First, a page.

Mach was worried about popular books and magazines. Compared to the internet, those were certainly of relatively limited distribution and damage-causing potential. Had he lived, he might have seen a reprieve in the early- to mid-twentieth century, first with Progressivism and then, in a last gasp, the reaction to Sputnik. Those times are long gone. There’s no chance nowadays of a President coming to Congress asking for a huge special appropriation for something like a moon shot, and getting support for it even from many of his political rivals.

    Another perspective on the same issues comes from Ohio State historian John Burnham’s book, “How Superstition Won and Science Lost.” It’s a book that predates the internet, but seems spot on if we extrapolate to the web Burnham’s concerns with the erosion of standards in science reporting and journalism.

    James T. Todd, Ph.D.
    Eastern Michigan University

  19. Adam Hafdahl says:

    Three belated comments, some of which echo others’ remarks:

    1. It’s hard to evaluate claims about whether (or the degree to which) skeptics are gaining or losing ground without solid operational definitions of what this means. Can’t this be framed as an empirical question and evaluated against evidence? Granted, these questions are in the realm of social/behavioral science, where operationally defining focal constructs is fraught with threats to validity, but some scientists earn their living tackling such messy questions (e.g., program evaluators:

    2. For a few years I’ve been floating the idea of Evidence-Based Skeptical Advocacy (EBSA), though I haven’t yet put my money where my mouth is. The idea is simple: Use science and rationality to promote science and rationality. As skeptics we could better exploit skeptical tools to our own ends. For instance, what do the relevant sciences tell us about how to most efficiently accomplish whatever we’re trying to accomplish as a community, given limited money and other resources? It surprises me that we don’t do this better; I suspect it relates to the cat-herding problem and skeptics’ limited experience with social and behavioral sciences.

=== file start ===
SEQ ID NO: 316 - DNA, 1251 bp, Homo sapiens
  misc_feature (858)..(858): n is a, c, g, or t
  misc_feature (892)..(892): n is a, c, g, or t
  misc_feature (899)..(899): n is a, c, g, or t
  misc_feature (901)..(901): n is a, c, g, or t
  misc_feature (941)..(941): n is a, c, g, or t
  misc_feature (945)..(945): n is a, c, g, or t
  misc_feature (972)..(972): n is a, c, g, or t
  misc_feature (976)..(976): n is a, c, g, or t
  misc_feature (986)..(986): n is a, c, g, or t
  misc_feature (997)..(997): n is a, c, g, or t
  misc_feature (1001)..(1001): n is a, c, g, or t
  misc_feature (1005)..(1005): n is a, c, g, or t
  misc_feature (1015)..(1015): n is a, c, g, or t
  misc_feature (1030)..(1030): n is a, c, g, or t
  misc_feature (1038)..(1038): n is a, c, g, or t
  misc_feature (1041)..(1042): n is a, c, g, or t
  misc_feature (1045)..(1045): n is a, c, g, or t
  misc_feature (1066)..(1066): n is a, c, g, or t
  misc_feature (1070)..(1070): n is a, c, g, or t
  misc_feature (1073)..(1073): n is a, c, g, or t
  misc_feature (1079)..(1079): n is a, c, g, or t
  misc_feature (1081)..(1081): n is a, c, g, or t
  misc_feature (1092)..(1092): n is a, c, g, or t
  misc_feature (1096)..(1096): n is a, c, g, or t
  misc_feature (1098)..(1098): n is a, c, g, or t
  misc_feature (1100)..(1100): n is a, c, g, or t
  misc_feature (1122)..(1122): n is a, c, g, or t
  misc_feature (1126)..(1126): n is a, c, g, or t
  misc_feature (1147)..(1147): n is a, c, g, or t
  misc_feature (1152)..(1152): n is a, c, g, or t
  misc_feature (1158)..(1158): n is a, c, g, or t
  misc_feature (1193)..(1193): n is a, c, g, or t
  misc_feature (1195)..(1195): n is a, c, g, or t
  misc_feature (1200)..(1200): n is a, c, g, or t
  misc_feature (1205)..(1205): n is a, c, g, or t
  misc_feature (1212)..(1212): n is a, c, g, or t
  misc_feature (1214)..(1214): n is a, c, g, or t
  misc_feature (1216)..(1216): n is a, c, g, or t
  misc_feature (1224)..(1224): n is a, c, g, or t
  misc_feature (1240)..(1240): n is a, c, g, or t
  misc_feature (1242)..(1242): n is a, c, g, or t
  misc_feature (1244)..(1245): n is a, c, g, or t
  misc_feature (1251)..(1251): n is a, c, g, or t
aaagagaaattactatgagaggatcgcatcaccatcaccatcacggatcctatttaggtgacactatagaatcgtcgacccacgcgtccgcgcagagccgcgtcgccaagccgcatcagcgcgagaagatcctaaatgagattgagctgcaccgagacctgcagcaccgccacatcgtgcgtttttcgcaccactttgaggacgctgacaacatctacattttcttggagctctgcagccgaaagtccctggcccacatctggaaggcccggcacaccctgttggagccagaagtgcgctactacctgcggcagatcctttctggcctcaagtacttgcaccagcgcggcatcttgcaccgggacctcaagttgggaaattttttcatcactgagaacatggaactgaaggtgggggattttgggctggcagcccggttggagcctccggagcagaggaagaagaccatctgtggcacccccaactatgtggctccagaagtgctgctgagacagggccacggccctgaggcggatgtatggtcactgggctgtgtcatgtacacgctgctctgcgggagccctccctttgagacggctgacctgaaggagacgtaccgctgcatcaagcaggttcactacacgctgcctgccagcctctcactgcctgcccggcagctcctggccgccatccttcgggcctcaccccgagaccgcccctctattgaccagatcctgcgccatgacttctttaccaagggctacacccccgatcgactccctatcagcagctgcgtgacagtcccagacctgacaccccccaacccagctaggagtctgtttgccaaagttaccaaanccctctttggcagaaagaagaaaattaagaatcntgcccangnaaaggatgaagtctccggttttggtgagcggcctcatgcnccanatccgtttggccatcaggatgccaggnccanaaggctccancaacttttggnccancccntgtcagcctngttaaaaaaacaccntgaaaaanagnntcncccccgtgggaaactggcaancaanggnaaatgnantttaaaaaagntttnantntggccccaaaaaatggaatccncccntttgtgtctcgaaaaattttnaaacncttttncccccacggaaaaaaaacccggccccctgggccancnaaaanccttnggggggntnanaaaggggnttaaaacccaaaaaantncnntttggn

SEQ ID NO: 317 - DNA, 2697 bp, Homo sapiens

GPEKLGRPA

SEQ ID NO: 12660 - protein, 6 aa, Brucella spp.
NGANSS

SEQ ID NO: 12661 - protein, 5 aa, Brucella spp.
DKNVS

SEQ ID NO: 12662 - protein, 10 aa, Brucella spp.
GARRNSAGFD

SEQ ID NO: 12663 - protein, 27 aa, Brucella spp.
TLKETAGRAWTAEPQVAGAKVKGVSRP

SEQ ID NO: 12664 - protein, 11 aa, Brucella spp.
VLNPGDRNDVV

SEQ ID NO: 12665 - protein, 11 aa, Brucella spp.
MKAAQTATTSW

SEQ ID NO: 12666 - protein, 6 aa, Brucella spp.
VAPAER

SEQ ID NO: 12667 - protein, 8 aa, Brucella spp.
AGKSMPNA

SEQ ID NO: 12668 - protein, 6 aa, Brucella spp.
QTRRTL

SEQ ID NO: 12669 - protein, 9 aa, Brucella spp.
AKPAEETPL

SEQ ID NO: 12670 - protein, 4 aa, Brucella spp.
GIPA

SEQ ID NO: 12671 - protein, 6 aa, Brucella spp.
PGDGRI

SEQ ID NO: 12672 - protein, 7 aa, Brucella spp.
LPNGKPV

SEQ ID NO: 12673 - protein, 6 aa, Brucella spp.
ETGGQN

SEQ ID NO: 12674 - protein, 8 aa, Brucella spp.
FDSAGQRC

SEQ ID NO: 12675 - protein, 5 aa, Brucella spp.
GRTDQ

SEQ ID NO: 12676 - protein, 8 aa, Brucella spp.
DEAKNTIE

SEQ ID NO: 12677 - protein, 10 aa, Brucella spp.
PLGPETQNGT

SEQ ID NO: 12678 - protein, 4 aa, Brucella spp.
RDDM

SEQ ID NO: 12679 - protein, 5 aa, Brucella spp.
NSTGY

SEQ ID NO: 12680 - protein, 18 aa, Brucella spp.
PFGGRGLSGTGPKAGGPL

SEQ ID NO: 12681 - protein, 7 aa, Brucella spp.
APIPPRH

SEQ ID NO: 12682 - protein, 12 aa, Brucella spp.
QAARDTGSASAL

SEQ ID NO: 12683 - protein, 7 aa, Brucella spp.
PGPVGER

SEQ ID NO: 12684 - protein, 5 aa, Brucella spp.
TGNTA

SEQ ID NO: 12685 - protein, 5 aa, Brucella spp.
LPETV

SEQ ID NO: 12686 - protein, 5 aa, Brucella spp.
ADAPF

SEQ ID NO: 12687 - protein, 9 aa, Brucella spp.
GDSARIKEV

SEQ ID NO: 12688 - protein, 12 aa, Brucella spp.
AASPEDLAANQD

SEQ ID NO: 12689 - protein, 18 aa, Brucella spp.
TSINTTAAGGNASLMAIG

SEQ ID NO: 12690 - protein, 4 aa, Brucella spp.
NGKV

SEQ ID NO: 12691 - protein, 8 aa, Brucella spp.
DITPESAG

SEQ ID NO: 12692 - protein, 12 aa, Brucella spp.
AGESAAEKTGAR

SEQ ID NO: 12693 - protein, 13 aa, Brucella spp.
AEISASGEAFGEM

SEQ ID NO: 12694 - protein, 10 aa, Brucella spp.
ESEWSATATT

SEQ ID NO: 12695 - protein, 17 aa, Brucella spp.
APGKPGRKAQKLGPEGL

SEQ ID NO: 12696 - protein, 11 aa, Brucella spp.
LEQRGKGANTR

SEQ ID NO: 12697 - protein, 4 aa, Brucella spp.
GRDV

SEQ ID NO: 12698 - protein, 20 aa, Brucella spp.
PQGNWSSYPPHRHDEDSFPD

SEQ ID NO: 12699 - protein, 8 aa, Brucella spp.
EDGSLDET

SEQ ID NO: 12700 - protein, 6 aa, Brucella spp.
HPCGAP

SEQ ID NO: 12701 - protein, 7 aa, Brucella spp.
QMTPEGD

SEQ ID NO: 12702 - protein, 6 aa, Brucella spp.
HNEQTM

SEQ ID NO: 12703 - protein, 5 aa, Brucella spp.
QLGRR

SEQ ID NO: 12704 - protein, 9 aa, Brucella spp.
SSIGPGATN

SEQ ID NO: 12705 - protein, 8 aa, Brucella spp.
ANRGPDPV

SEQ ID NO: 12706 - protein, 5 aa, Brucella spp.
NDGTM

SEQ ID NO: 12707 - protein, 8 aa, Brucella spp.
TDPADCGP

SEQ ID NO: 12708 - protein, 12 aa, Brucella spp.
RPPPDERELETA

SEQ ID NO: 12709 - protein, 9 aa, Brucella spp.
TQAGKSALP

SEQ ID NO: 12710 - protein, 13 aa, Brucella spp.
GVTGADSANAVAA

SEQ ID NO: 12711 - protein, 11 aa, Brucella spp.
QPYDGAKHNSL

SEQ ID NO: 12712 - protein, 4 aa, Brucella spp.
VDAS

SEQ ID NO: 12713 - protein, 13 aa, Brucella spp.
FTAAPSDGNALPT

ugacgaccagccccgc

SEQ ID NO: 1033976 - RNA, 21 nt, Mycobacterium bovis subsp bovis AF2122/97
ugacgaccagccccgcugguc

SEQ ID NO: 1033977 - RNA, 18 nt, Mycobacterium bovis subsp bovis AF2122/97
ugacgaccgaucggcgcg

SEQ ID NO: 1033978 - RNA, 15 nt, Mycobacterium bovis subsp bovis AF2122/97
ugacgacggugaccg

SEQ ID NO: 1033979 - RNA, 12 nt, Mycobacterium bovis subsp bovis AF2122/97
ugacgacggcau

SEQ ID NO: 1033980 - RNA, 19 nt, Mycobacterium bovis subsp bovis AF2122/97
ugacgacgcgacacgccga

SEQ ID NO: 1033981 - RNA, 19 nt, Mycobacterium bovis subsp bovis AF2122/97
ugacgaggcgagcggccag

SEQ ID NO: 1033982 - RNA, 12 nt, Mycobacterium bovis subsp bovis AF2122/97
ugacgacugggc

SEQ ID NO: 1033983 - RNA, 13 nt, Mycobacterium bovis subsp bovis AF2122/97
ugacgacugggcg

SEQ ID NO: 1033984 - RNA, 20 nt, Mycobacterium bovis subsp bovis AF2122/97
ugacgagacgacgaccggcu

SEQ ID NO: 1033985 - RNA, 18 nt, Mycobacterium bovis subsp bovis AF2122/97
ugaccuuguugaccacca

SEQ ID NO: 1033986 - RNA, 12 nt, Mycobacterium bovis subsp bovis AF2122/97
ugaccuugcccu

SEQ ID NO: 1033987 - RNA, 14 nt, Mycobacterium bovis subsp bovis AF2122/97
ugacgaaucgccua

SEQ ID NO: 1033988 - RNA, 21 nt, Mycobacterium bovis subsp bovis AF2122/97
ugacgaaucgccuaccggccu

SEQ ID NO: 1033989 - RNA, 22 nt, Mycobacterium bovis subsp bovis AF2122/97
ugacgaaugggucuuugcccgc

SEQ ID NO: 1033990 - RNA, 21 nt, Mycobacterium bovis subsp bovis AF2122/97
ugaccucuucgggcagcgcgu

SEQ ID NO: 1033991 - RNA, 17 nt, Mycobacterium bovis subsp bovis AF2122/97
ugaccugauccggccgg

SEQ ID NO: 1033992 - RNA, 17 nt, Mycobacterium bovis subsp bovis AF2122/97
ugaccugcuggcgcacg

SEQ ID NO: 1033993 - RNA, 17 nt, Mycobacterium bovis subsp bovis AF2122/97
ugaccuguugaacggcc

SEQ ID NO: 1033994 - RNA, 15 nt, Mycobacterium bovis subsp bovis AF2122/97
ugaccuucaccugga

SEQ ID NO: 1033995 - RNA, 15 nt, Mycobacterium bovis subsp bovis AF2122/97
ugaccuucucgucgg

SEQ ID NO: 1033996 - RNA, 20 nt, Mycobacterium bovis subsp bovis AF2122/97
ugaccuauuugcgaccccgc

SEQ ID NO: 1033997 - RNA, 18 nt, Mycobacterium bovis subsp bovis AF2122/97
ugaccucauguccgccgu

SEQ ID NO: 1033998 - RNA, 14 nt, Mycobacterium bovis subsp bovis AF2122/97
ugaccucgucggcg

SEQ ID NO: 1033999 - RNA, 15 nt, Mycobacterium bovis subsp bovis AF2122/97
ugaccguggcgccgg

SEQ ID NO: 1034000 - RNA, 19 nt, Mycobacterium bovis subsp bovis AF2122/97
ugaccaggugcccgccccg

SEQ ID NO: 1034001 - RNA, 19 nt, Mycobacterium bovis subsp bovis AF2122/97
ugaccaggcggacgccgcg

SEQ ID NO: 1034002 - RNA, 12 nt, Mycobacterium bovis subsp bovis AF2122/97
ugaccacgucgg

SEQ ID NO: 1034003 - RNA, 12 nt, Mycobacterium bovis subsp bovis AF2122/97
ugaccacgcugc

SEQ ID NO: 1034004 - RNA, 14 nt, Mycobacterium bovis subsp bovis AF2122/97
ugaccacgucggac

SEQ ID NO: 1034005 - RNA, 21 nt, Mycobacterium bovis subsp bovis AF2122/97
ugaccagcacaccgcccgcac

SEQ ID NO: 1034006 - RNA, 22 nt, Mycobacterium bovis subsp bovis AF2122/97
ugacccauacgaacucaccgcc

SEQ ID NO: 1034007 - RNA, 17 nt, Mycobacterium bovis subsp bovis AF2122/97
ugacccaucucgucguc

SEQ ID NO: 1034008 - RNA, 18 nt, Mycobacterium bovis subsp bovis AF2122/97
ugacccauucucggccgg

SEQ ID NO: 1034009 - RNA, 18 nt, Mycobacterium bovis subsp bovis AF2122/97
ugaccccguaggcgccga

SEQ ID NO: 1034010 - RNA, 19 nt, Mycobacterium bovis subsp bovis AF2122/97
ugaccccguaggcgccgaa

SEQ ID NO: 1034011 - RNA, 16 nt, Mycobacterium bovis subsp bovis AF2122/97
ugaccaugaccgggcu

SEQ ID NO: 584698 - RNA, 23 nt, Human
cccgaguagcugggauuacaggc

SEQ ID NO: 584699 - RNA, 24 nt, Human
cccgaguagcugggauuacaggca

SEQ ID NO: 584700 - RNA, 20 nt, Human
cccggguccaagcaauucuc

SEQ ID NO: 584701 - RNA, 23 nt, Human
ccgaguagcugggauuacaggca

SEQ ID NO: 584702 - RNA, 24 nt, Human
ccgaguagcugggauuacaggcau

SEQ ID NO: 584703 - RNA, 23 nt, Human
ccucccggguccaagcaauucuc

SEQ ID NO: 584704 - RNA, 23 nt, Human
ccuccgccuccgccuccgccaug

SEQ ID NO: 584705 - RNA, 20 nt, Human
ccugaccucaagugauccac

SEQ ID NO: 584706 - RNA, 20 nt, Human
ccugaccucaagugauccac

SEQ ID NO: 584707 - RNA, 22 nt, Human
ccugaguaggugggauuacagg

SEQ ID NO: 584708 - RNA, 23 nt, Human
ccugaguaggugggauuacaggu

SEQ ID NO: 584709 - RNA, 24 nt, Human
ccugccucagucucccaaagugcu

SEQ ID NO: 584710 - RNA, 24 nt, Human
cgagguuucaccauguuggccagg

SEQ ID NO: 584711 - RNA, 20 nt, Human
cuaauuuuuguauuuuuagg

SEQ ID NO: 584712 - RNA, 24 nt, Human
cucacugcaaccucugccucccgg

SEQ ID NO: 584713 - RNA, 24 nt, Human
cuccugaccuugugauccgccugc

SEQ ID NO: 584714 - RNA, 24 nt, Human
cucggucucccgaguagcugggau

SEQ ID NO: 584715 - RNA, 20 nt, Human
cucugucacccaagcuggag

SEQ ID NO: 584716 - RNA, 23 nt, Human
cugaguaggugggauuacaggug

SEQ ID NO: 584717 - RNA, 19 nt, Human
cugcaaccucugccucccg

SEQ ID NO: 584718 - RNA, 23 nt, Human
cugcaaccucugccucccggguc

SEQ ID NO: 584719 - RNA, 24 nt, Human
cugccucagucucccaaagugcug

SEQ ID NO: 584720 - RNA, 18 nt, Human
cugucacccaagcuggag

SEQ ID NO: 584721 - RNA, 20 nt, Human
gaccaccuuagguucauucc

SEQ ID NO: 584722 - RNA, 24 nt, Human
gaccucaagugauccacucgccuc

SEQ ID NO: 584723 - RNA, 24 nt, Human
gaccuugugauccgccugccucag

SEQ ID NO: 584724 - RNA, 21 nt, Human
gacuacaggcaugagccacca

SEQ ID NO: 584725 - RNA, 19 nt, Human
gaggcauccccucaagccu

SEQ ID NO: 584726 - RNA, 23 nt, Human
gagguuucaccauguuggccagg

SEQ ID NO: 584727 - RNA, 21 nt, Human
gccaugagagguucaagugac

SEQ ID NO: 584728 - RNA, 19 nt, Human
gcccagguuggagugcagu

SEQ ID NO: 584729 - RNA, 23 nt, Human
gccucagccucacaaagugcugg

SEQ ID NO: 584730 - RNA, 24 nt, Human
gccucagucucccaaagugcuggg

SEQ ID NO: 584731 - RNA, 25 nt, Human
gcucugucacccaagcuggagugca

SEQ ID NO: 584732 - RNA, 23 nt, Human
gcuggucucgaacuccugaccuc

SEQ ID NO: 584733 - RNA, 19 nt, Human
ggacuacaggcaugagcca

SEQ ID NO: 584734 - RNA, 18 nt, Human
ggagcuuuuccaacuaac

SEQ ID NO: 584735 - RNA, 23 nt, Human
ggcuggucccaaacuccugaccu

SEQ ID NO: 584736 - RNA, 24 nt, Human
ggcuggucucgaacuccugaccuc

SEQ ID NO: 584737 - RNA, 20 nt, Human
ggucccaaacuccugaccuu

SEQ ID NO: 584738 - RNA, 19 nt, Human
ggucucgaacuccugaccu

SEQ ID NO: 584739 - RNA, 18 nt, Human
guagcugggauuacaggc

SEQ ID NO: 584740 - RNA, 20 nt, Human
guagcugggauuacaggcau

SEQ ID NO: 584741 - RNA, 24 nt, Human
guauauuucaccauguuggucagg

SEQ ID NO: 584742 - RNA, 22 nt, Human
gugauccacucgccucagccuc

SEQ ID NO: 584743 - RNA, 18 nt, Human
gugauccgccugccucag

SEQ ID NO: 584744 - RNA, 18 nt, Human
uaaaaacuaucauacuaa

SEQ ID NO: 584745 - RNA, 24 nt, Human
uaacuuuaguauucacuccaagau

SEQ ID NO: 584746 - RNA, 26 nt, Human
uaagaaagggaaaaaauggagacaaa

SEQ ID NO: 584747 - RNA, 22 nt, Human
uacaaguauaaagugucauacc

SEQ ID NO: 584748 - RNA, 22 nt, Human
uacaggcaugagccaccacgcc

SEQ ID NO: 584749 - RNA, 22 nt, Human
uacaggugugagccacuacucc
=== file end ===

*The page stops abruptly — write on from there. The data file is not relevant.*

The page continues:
3. Could organized skepticism take some cues from consumer-protection organizations? Some of our aims seem similar — helping people improve their decision making and avoid being duped by unscrupulous (or self-deluded) purveyors of shoddy products or services. For instance, how did Consumer Reports achieve its status, and how does it remain lucrative (if that’s the case)?

  20. You are always right. Think about it…Have you ever known anybody in your life who was always right? Does the word annoying come to mind? I mean, I don’t wanna rain on your parade,but…

  21. Baseball bats. They work.

  22. Julie says:

    Just after reading this post, I came across something in Paul Offit’s book Deadly Choices: How the Anti-Vaccine Movement Threatens Us All that shows somewhat why I disagree with your reasoning, Brian. Compare skeptics with the Anti-Vaccine crowd. The Anti-Vaxxers aren’t selling anything either. They’re fighting against something (which makes no sense), but they’re seriously passionate (and ignorant, delusional, and crazy…but I digress), which is what convinces people to believe them. Here’s the quote:

    “Anti-vaccine groups are well organized and passionate. they have used popular settings such as Oprah and Larry King Live to make strong emotional appeals and get parents to think twice about having their children vaccinated. People, logical or not, do not forget this kind of emotional prowess. On the other hand, our medical and scientific experts counter with accurate evidence and citations of studies, which do not resonate with many parents. Dispassionate messages are not sticky. Gut-wrenching stories…are. It is time we change.”

    Skeptics don’t have the emotional appeal, for the most part. Not just because we’re not selling something, but because we don’t have the emotional blackmail to get people on our side. Appealing to people’s intelligence, logic, and reason just isn’t all that exciting or romantic. Sometimes being louder and more passionate about it is what we need.

  23. usethebrainsgodgiveyou says:

    >>>>Skeptics don’t have the emotional appeal, for the most part<<<<

    That's because they're only using half of their mind, the left side.

    Emotionalism is seen as the opposite of skepticism. It's not. The right side has access to knowledge (wisdom) that the left cannot access without words. It's intuition, not emotionalism.

    Strawman, fallacy…just thought I'd put those 2 "skeptical" words in there so as to speaka da language…

  24. usethebrainsgodgiveyou says:

    Just wondering…does my name piss you off??